I am disappointed by the negative campaigning and vague campaign promises from the challengers for Academic Senate officer seats. Lack of support and evidence, false statements made about the incumbents, and overall negative campaign strategy are clear indicators to me that these are not appropriate qualities for future senate leadership.
Don’t get me wrong: I respect each of my faculty colleagues as individuals with certain positive contributions to offer the college. However, their message now about representing faculty and shared governance is suspect since their record of having the courage to stand up for adherence to Title 5 53200 (10+1) and the faculty voice when the administration trampled on it is absent. Cries for “collegiality” and “civility’” as well as achieving the ever-elusive “student success,” are much easier to promote than advocate for administrative transparency, careful college planning and respect for faculty roles.
It is unfortunate to see negative campaign tactics in a time when the rest of the college is getting along. One claim made was “Senate meetings are negative spaces.” Indeed, they have played personal roles in designing those spaces. Recently, the candidates from this slate have made temporary appearances in the Senate, conveniently just a few meetings before the election, and have harangued Senate leaders, attempted to derail the meeting, and ignored Robert’s Rules of Order rather than engage in civil, constructive dialogue. This is not my idea of ‘collegiality.’ Their campaign materials perpetuate a negative bent. Warning bells go off for me when their campaign is fraught with negativity, yet one of their proposed senate goals is to be models for collegial dialogue. The incumbents, on the other hand, have kept things positive, clean and honest.
Claims made throughout Foster’s OpEd of March 26, 2015 use vague language that in our writing courses, we warn students to avoid unless they follow up with specific examples. “Some public comments made…”, “dubious means”, “individuals feel…” “multiple faculty …have communicated”, “several of our colleagues” and so on are examples of the language found in their written campaign materials. Such generalized unsubstantiated language was also pervasive in the accreditation self-study, which was supervised by one of the candidates. The Senate body ultimately voted to recommended the Senate president not sign it – a fact that was blatantly misconstrued in the op ed as well as campaign flyer. With such language in the report, it came as no surprise to me that the ACCJC’s accreditation team considered it long and not substantial enough, as they expressed to the college in their exit meeting.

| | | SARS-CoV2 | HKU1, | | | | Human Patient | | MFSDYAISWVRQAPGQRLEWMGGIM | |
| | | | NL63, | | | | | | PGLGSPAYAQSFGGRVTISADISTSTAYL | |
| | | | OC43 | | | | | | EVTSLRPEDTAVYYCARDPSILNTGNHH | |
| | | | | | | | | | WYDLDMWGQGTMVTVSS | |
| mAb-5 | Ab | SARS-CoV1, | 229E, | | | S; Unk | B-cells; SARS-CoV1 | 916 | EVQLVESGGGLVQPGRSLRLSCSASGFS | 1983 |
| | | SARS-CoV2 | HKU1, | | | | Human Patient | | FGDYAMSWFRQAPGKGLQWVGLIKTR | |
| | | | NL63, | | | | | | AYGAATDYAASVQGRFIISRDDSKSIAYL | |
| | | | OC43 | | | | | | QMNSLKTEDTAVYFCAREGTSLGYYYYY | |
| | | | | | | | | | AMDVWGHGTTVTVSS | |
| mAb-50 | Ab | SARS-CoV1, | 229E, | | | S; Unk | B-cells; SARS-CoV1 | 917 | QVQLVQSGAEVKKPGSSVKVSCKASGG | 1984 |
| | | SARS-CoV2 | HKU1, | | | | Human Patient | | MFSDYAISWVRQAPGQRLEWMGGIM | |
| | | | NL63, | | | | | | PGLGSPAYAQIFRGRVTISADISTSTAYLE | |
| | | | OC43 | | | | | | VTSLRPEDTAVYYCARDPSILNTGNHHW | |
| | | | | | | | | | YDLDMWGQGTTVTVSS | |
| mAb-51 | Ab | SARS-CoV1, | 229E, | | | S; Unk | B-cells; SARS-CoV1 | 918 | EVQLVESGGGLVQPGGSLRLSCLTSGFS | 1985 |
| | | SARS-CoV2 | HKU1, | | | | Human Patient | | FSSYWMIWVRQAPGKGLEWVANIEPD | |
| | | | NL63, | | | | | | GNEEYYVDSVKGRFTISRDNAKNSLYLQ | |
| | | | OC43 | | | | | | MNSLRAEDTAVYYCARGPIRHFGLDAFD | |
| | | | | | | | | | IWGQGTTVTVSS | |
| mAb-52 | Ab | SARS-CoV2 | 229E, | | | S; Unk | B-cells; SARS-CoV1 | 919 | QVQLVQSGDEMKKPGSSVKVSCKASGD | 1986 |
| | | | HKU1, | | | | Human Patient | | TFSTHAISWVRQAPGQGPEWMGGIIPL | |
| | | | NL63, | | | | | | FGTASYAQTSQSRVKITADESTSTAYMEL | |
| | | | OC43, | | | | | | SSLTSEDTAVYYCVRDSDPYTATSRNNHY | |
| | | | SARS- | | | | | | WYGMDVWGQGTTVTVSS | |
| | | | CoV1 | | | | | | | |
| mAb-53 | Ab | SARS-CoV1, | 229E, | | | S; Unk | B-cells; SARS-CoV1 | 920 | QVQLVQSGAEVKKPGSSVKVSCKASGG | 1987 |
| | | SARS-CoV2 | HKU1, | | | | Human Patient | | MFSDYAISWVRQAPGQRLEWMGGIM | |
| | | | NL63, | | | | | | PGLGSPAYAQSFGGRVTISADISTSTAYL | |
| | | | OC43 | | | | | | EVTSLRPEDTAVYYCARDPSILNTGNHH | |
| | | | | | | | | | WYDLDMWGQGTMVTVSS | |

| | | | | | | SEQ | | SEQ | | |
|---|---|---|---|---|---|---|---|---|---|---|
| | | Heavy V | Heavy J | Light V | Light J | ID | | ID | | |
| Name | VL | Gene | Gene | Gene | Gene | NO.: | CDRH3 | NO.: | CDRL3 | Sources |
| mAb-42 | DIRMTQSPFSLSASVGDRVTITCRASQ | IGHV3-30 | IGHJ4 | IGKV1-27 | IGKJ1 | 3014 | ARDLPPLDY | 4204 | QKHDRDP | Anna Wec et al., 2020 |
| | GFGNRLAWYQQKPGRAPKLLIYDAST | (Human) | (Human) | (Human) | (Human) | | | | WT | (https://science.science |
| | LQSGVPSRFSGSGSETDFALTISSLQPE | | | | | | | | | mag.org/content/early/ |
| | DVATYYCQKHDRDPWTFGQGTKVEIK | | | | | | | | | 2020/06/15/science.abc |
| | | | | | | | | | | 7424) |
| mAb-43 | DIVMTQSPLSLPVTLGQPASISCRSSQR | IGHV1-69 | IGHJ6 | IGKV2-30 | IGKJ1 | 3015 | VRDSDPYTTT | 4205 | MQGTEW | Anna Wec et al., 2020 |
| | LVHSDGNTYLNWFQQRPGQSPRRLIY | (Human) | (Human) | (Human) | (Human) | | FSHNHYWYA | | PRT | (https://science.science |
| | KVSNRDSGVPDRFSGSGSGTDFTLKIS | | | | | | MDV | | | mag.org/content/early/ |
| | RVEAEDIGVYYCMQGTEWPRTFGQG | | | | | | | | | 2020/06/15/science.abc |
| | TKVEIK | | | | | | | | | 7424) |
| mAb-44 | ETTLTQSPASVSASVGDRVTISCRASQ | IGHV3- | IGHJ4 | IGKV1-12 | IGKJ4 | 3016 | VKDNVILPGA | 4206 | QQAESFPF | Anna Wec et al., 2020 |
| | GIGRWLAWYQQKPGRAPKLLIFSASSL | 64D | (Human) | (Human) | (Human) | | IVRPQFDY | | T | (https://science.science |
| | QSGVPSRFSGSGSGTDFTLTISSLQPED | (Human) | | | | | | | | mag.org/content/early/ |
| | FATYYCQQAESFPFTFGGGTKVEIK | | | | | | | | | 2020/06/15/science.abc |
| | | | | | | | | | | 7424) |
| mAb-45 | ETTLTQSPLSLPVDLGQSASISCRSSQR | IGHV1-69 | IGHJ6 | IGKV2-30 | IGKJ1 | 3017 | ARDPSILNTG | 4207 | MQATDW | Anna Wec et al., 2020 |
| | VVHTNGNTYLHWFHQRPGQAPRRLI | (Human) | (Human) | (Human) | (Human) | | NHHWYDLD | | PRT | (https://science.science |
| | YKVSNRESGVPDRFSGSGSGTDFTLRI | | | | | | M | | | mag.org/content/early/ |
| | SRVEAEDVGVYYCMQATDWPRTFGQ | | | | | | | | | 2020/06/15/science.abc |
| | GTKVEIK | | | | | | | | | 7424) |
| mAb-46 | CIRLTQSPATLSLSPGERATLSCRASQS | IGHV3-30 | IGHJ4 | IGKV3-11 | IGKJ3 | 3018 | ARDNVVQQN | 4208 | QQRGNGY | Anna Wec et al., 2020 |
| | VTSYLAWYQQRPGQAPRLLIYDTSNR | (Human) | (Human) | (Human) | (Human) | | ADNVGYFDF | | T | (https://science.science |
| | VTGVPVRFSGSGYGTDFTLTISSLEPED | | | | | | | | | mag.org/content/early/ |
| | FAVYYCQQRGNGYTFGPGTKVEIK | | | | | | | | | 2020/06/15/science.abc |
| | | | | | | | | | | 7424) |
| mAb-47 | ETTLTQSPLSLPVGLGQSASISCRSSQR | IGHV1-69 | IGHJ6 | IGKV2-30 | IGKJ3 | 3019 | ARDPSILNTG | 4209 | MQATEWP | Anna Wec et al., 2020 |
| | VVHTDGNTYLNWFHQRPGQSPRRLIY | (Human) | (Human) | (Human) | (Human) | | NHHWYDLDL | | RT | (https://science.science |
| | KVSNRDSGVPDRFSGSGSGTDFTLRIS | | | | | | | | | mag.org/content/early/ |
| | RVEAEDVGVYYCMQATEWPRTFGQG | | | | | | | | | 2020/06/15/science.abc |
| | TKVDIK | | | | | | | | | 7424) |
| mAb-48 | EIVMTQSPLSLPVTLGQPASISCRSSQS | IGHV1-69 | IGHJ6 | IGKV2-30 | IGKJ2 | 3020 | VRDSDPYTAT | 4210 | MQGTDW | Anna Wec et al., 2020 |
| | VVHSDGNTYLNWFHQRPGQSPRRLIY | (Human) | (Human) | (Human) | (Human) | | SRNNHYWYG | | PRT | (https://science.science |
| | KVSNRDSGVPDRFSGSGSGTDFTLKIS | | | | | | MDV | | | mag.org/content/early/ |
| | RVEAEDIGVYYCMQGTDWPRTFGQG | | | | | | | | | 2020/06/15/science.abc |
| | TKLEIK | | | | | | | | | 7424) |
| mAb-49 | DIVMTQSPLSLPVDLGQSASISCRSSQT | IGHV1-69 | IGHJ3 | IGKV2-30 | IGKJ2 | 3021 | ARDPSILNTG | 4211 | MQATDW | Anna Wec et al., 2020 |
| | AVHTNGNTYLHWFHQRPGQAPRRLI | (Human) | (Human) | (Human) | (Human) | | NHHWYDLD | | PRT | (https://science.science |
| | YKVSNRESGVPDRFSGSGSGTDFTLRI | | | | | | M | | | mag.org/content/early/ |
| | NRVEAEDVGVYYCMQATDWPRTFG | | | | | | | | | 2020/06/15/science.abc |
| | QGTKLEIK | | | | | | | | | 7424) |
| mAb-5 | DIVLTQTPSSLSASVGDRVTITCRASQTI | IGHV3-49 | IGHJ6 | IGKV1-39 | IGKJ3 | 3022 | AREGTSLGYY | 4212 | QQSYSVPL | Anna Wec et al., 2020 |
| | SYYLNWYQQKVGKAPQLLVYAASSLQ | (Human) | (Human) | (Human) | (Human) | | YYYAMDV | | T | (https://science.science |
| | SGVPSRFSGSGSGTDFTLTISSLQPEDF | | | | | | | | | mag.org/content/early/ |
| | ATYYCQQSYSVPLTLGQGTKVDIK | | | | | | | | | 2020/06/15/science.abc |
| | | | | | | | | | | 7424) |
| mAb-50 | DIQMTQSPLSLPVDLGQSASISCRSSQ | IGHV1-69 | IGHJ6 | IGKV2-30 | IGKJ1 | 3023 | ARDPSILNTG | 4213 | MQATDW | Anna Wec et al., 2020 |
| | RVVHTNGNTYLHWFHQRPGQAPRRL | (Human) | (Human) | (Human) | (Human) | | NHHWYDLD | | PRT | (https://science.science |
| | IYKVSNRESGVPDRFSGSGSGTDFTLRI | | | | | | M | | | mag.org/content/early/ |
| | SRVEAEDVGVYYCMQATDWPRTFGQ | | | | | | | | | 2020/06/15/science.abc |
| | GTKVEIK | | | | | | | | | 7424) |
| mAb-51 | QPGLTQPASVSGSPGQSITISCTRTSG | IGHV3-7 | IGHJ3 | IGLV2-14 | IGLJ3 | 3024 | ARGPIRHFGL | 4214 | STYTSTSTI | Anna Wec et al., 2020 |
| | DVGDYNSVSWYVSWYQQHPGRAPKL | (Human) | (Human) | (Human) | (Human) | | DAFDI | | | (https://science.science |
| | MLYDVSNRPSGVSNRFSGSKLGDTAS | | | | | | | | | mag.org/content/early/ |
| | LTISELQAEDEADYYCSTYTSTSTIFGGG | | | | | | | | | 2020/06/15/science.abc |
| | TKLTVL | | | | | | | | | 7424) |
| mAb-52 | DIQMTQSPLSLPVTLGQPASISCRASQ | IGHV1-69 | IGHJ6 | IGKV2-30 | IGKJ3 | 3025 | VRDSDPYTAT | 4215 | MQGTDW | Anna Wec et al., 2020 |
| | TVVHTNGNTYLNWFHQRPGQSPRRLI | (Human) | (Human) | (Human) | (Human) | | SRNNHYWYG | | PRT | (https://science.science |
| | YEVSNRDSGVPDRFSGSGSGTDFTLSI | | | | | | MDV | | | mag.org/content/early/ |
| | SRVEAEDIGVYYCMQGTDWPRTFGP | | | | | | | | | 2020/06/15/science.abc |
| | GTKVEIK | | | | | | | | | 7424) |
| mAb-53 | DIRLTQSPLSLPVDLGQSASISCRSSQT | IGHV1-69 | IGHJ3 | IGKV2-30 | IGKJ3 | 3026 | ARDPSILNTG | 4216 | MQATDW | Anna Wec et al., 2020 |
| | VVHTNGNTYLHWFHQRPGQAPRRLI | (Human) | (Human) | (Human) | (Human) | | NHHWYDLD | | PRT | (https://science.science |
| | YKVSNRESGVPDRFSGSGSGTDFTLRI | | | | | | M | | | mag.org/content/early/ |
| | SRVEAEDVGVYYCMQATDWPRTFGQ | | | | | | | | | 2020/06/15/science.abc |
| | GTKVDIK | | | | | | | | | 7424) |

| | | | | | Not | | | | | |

Stephanie Fleming and Matt Jordan came numerous times to the Senate to present accreditation updates, and the accreditation report was discussed in all but two senate meetings in Fall 2014. We in the Senate even devoted an entire meeting on Dec. 8, 2014 to discussing the report after it was finally finished and after Senators received hard copies to review. On their flyer and in the op-ed, this group accuses the incumbents of “refusing” to place the self-eval on the agenda for the full Senate Board to review. There was no ‘refusal’ because the officers put it on the agenda. According to the Senate office, the accreditation report was not included only once — when Fleming’s request was received too late. If they are elected, I fear misrepresentations and flimsy claims will be prevalent.
The op-ed claims that the current Senate officers put in an advertisement in the Courier. This also is untrue. In fact, the ad was apparently put out by current leaders’ supporters, unbeknownst to them. Before making statements that go to the press, one would hope – or rather, expect — such public statements would be substantiated and true.
Foster name-calls the Senate’s accomplishments as being “self-proclaimed,” but at least the incumbents have accomplishments listed on their platform. Foster’s slate, on the other hand, offers campaign promises, but without any indication of how they will, or whether, they can fulfill them, and their demonstrated negativity on their fast-n’-furious campaign trail is off-putting.
April 2 is the last day to vote in this election, and regardless of how faculty vote, I hope they use sensible intellect rather than sentiment driven by false and unsupported claims and an inherent double standard. I respect the fact that this group wants to step up to the plate, but I question how much senate experience they each have and whether as long-time faculty administrators they will adequately represent faculty concerns. Finally, I ask “Are things better or worse now at PCC?” If the college is better off now, why not keep a good thing going instead of placing a negative, unclear and risky bet down on the table.